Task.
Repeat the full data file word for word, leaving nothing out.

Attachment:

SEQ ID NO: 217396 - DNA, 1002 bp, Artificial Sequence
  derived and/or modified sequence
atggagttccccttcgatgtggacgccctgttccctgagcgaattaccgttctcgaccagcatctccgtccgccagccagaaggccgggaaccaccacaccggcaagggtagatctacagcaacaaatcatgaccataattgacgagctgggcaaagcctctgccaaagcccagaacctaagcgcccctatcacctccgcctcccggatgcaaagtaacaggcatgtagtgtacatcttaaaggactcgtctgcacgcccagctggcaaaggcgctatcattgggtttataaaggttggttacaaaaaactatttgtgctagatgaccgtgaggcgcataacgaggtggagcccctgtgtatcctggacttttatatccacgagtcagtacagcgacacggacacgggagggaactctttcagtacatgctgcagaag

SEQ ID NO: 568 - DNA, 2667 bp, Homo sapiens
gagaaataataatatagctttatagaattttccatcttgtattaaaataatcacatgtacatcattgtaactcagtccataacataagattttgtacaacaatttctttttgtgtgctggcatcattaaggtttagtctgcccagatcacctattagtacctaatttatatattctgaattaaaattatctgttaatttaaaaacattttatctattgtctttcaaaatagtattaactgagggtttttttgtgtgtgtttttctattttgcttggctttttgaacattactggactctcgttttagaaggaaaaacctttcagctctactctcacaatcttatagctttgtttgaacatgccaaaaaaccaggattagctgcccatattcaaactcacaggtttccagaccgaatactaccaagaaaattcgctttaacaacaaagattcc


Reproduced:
SEQ ID NO: 217396 - DNA, 1002 bp, Artificial Sequence
  derived and/or modified sequence
atggagttccccttcgatgtggacgccctgttccctgagcgaattaccgttctcgaccagcatctccgtccgccagccagaaggccgggaaccaccacaccggcaagggtagatctacagcaacaaatcatgaccataattgacgagctgggcaaagcctctgccaaagcccagaacctaagcgcccctatcacctccgcctcccggatgcaaagtaacaggcatgtagtgtacatcttaaaggactcgtctgcacgcccagctggcaaaggcgctatcattgggtttataaaggttggttacaaaaaactatttgtgctagatgaccgtgaggcgcataacgaggtggagcccctgtgtatcctggacttttatatccacgagtcagtacagcgacacggacacgggagggaactctttcagtacatgctgcagaag

SEQ ID NO: 568 - DNA, 2667 bp, Homo sapiens
gagaaataataatatagctttatagaattttccatcttgtattaaaataatcacatgtacatcattgtaactcagtccataacataagattttgtacaacaatttctttttgtgtgctggcatcattaaggtttagtctgcccagatcacctattagtacctaatttatatattctgaattaaaattatctgttaatttaaaaacattttatctattgtctttcaaaatagtattaactgagggtttttttgtgtgtgtttttctattttgcttggctttttgaacattactggactctcgttttagaaggaaaaacctttcagctctactctcacaatcttatagctttgtttgaacatgccaaaaaaccaggattagctgcccatattcaaactcacaggtttccagaccgaatactaccaagaaaattcgctttaacaacaaagattcc